Factors influencing survival and productivity of pronghorn in a semiarid grass-woodland in east-central New Mexico
Pronghorns (Antilocapra americana) are an important source of revenue and recreation for property managers throughout New Mexico, but have been declining in number. We documented body condition, survival, production of fawns, and trends in population size of pronghorns on the Corona Range and Livestock Research Center (CRLRC), a working research ranch and wildlife enterprise located in east-central New Mexico, from 2006 through 2011. Accrual of all indices of condition and size of both adult female and adult male pronghorns was positively associated with precipitation during June to July, August to September, and annually. Annual survival rates of females (0.33 to 0.78) and males (0.63 to 0.89) were highly variable on CRLRC. Survival of individuals was not related to any measure of condition or size taken the prior autumn. Survival of adult females was related to reproductive status the previous year; females that had successfully weaned >1 fawn the previous year were 0.11 times less likely to survive. Malnutrition was the most common cause of mortality (nine of 22 females; seven of 15 males), followed by suspected plant toxicities and enterotoxaemia (nine of 22 females) and harvest (six of 15 males). Most adult female mortality (73%) occurred after parturition and prior to weaning when energy demands are greatest on adult females; females that successfully weaned >1 fawn accrued significantly less condition by autumn. Survival of fawns was related to maternal condition, and fawn:adult female ratios were positively correlated with cumulative precipitation during late gestation and parturition. Low survival of adult females and fawns has resulted in the CRLRC pronghorn population declining from a minimum of 136 individuals to 66 from 2005 to 2011. Timing and causes of mortality highlight a strong nutritional limitation faced by lactating females related to the most energetic costs of reproduction being borne prior to the onset of summer monsoonal precipitation. The poor timing of reproduction to precipitation (and, thus, to forage phenology) in the southwestern United States will likely always limit productivity and survival of pronghorn relative to northern populations.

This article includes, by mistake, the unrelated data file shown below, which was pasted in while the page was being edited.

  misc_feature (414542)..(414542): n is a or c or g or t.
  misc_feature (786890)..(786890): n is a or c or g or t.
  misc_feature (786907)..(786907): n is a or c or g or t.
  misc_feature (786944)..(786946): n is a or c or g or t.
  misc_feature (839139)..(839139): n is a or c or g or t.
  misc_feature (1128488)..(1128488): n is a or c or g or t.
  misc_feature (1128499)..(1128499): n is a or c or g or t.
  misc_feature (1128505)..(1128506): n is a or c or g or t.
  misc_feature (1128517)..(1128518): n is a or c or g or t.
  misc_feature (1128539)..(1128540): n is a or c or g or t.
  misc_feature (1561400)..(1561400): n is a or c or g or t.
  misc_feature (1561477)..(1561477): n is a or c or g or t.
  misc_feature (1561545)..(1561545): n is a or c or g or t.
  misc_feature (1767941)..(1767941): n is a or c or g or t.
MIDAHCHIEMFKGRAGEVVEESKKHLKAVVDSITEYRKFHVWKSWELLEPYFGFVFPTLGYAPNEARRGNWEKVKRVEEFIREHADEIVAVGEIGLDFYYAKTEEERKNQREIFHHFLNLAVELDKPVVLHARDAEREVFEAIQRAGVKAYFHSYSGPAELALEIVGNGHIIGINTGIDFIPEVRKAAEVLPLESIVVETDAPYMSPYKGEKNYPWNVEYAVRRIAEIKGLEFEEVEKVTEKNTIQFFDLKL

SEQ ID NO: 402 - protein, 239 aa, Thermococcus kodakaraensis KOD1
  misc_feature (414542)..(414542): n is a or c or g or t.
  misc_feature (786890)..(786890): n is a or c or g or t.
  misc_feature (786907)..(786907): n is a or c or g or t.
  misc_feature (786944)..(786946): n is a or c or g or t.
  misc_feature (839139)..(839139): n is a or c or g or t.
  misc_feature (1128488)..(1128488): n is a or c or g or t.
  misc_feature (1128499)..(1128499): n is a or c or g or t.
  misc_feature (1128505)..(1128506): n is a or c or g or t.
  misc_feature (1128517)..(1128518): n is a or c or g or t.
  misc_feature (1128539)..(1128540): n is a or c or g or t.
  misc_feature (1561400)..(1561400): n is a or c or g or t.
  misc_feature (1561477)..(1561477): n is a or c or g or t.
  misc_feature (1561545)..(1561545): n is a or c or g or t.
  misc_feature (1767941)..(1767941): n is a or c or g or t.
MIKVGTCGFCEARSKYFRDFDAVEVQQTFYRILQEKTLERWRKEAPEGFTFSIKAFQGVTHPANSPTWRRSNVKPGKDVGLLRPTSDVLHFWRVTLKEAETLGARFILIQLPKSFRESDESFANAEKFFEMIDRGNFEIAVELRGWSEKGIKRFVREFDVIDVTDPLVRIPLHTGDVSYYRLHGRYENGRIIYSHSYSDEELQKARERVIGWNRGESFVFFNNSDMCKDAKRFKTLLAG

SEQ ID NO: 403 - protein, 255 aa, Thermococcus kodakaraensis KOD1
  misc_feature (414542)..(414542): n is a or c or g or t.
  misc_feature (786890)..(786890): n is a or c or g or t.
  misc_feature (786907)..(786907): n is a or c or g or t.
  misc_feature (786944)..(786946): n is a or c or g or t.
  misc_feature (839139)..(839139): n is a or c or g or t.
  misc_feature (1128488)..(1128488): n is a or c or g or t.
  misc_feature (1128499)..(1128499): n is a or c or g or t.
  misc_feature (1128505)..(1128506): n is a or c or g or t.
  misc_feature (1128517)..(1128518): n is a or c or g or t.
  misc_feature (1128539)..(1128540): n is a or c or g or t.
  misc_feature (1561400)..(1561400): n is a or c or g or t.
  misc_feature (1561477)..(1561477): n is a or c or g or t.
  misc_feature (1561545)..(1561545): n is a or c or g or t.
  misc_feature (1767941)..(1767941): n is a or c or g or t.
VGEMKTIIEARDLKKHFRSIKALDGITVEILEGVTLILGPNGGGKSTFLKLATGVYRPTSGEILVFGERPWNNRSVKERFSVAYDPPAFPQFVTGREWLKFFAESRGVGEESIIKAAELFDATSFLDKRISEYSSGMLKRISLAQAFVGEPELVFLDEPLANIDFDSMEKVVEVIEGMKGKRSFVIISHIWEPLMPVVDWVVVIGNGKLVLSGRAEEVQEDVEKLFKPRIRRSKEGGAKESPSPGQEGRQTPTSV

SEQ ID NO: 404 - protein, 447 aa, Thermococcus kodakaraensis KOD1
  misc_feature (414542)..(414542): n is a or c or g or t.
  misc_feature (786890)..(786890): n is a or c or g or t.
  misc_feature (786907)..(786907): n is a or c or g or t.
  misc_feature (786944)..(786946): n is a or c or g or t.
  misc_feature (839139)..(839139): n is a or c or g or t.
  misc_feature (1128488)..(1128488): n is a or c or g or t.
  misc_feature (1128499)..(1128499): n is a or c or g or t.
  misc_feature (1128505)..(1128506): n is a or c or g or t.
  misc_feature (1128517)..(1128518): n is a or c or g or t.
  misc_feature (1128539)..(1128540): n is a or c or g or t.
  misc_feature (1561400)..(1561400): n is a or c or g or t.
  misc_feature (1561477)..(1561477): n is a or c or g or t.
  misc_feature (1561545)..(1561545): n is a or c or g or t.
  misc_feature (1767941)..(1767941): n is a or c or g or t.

Bender, Louis C.; Boren, Jon C.; Halbritter, Heather; and Cox, Shad
"Factors influencing survival and productivity of pronghorn in a semiarid grass-woodland in east-central New Mexico,"
Human–Wildlife Interactions: Vol. 7:
2, Article 9.
Available at: https://digitalcommons.usu.edu/hwi/vol7/iss2/9